Social Security and Medicare are easily the two most misunderstood benefits that federal employees, postal workers and retirees have, but it's vital that you understand just what types of benefits you're accumulating, what level of benefits and when you stand to receive them, what provisions might reduce or even eliminate them, and how they interact with your other benefits-in sum, how to best position yourselves to get the most out of these two key programs.
Federal employees and retirees have a large stake in the outcome, even though they have separate retirement and health insurance programs. Those programs are intertwined with both Social Security and Medicare. Social Security functions in a very different way than does the civil service retirement program, with many traps lying in wait for the unwary.
Also, the Medicare prescription drug benefit also raises new questions for federal employees and retirees regarding whether they should keep coverage under both programs in retirement - as most have traditionally done - or whether they should instead place all their eggs in the Medicare basket, saving on the cost of maintaining FEHB coverage.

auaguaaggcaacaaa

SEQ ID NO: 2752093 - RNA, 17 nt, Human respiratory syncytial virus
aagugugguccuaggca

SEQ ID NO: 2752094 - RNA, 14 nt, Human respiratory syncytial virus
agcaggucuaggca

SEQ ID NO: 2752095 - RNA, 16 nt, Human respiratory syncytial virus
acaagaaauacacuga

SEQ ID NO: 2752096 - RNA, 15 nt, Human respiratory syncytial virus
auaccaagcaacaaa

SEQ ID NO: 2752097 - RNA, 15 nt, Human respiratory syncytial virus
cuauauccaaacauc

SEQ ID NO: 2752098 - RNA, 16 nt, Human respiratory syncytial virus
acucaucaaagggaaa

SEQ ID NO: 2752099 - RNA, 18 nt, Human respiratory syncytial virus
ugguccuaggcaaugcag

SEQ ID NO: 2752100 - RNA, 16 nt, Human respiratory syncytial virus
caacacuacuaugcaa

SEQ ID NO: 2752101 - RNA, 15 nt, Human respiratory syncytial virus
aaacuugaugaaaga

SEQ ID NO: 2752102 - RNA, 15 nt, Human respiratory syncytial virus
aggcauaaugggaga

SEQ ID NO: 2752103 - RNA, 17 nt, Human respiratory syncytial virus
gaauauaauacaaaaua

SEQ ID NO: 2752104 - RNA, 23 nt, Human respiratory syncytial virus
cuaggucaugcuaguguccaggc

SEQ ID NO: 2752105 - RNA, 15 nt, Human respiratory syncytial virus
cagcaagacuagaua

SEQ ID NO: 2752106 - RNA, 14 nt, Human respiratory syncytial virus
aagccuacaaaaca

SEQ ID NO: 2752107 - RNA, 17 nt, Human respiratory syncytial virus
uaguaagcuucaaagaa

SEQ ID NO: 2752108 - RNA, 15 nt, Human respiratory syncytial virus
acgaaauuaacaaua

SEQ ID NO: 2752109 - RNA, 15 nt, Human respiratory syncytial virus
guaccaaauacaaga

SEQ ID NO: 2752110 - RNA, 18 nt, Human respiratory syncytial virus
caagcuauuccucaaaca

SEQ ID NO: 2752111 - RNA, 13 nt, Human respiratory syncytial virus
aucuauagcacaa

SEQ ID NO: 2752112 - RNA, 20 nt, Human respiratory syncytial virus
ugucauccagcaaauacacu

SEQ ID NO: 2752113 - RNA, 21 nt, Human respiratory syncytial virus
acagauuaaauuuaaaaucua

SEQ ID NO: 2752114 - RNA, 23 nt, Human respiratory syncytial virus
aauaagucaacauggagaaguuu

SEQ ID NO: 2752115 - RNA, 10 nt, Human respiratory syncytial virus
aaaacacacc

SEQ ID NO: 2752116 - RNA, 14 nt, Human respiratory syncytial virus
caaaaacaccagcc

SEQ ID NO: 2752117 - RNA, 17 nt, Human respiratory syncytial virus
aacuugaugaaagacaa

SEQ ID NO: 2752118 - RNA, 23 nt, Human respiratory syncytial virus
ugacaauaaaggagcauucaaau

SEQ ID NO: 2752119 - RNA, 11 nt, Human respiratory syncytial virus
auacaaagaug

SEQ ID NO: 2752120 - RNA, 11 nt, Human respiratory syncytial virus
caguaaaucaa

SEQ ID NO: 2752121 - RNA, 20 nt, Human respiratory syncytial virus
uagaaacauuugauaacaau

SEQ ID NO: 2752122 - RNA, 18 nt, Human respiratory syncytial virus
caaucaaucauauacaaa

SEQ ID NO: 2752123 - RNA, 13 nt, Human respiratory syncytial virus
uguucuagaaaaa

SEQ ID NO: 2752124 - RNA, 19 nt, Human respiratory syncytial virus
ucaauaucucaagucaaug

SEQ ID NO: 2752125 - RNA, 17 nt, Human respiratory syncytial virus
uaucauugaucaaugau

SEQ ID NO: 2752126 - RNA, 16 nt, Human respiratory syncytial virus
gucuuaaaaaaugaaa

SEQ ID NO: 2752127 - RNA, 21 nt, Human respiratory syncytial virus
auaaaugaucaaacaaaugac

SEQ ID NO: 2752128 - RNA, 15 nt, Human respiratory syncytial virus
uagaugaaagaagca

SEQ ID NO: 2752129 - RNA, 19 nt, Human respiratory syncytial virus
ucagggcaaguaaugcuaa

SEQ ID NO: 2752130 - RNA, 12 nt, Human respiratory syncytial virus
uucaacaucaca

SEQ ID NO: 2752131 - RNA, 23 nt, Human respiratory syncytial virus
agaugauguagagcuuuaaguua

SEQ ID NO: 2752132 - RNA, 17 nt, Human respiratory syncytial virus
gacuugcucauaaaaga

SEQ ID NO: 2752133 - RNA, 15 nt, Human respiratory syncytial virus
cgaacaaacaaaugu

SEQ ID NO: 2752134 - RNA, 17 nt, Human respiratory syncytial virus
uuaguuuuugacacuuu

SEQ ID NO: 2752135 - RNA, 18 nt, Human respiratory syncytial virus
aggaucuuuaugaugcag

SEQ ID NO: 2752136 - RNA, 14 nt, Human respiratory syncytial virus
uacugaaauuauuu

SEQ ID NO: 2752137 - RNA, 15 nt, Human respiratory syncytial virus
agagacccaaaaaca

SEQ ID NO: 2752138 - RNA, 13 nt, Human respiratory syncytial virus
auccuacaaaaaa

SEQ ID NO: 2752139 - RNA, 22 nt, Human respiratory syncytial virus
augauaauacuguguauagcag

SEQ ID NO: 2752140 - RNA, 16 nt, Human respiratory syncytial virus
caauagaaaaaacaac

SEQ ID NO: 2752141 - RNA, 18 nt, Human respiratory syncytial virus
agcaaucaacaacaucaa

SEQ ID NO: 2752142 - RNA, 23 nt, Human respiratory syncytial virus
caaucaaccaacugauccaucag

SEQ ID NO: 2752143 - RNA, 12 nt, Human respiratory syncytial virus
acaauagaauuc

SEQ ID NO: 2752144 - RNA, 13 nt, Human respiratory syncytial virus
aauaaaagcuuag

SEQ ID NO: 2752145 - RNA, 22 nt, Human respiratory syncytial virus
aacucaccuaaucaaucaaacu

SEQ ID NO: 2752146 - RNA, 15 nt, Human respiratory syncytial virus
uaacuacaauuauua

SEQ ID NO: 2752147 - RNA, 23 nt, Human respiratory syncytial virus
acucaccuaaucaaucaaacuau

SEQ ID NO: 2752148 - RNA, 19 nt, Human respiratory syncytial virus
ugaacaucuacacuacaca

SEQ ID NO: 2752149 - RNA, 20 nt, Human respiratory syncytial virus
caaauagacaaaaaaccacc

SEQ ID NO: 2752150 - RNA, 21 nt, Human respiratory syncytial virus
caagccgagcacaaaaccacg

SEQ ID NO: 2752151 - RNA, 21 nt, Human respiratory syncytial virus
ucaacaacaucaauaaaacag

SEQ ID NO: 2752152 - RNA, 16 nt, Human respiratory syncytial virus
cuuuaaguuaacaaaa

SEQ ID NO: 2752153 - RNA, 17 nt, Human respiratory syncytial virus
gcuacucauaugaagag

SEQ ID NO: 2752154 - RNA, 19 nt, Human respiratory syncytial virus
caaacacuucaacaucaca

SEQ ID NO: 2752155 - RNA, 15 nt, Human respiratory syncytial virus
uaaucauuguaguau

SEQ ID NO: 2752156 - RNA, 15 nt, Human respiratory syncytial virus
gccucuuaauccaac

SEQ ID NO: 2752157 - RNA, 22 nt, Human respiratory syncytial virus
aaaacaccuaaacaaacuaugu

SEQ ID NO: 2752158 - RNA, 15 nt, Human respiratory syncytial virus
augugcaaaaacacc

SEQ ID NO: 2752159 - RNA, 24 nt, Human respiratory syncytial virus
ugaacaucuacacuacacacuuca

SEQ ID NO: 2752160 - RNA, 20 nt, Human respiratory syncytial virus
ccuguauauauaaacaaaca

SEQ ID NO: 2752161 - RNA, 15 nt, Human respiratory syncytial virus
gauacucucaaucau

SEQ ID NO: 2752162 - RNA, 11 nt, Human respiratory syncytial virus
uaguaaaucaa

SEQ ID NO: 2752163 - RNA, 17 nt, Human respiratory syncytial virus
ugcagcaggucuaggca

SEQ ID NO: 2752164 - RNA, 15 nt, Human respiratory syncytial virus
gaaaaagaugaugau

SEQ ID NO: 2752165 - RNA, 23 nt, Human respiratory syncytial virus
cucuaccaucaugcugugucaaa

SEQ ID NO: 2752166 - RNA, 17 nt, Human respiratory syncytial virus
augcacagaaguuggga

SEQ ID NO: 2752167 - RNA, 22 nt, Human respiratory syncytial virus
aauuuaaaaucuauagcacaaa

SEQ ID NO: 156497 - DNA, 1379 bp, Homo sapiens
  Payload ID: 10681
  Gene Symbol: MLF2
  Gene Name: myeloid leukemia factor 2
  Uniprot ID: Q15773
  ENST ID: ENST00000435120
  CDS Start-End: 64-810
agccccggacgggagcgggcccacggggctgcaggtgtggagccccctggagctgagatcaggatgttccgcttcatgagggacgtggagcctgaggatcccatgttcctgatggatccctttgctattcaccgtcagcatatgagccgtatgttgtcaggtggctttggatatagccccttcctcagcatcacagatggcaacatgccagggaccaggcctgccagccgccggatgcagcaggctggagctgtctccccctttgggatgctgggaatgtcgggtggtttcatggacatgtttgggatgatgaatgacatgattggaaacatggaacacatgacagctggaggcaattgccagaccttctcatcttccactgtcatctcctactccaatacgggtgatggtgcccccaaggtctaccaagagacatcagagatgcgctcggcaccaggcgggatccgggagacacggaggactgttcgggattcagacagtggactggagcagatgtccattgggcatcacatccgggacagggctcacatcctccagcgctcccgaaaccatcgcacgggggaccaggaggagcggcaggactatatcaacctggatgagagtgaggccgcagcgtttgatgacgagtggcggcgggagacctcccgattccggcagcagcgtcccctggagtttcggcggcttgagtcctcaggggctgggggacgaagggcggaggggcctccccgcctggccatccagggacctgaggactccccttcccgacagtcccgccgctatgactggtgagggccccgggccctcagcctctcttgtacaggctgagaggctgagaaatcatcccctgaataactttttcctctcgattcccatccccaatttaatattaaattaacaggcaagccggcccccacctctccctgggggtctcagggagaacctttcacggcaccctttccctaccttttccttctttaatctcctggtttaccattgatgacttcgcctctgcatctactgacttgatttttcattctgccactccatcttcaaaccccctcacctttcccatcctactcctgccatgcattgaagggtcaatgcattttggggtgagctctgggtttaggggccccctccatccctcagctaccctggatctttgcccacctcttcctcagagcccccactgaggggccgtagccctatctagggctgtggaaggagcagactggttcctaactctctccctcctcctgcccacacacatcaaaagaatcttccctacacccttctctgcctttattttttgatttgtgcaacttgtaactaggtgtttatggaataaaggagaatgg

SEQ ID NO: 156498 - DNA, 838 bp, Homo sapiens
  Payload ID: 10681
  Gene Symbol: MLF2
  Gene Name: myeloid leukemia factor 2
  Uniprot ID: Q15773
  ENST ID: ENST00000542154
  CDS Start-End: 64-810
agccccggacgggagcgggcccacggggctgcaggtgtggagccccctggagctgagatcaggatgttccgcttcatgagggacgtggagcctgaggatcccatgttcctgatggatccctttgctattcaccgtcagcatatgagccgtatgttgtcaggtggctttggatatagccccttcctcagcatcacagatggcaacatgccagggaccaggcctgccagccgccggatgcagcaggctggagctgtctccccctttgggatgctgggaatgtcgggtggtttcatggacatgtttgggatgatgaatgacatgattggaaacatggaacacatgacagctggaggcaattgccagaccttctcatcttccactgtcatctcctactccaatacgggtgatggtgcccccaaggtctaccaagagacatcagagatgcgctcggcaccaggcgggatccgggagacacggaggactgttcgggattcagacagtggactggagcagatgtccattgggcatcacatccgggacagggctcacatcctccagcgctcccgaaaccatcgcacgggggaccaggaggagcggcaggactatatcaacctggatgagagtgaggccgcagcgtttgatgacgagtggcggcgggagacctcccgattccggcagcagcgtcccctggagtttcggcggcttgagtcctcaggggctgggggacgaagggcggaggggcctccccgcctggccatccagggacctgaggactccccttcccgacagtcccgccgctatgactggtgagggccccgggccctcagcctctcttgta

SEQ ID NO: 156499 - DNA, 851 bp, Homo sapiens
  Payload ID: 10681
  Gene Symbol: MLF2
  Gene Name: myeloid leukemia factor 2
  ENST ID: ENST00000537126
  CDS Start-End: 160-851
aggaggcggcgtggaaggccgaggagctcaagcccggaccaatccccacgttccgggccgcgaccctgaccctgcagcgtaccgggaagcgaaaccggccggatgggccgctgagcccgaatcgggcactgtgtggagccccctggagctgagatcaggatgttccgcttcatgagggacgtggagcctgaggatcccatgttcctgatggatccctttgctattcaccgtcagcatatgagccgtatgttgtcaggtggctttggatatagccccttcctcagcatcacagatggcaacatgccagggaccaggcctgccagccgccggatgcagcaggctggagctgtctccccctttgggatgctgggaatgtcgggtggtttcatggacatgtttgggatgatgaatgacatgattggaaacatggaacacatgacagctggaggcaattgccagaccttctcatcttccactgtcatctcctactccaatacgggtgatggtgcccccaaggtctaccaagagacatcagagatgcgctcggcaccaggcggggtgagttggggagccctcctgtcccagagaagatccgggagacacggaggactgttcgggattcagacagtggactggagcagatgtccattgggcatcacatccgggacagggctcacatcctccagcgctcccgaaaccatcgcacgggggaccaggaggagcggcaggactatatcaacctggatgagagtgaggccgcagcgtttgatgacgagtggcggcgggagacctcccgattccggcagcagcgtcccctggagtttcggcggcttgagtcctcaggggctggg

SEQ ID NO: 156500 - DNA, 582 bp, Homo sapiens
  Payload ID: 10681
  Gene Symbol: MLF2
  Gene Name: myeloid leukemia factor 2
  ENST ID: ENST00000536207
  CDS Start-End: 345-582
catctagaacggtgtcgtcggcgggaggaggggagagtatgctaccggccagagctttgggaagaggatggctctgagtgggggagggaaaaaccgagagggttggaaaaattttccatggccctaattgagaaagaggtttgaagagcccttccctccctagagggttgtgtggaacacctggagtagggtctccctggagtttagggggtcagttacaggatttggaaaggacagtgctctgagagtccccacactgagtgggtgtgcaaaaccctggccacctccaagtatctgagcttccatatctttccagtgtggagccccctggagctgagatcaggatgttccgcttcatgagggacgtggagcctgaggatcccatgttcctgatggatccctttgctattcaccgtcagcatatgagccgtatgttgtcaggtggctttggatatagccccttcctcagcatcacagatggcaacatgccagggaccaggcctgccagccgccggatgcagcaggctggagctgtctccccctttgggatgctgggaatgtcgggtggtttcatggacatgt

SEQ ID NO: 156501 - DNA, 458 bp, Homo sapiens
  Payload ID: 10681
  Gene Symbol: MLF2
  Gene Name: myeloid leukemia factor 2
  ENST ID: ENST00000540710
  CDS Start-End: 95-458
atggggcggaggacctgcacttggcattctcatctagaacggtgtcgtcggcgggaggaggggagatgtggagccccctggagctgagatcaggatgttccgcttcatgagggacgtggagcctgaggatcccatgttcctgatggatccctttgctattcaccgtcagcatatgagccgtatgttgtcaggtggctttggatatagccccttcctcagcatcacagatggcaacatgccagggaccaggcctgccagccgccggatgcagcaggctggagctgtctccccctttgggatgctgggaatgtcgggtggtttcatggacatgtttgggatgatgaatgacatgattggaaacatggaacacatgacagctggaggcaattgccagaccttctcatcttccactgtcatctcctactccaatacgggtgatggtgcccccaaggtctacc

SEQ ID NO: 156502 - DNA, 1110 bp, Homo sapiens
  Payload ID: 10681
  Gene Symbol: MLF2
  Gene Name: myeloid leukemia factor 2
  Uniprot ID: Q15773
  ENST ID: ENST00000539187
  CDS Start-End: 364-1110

Such developments show that with Social Security and Medicare playing so important a role in their financial futures, federal employees and retirees must understand just what types of benefits they are accumulating, what level of benefits they might stand to receive and what provisions might reduce their benefits, and how those benefits interact with their other benefits--in sum, how to best position themselves to get the most out of the programs and how to protect themselves for the future. In years past, these employees didn't really need to know too much about these programs because they were under a separate retirement and disability benefits package, the Civil Service Retirement System, and didn't stand to get benefits from Social Security. Social Security and Medicare, largely were for somebody else--not them.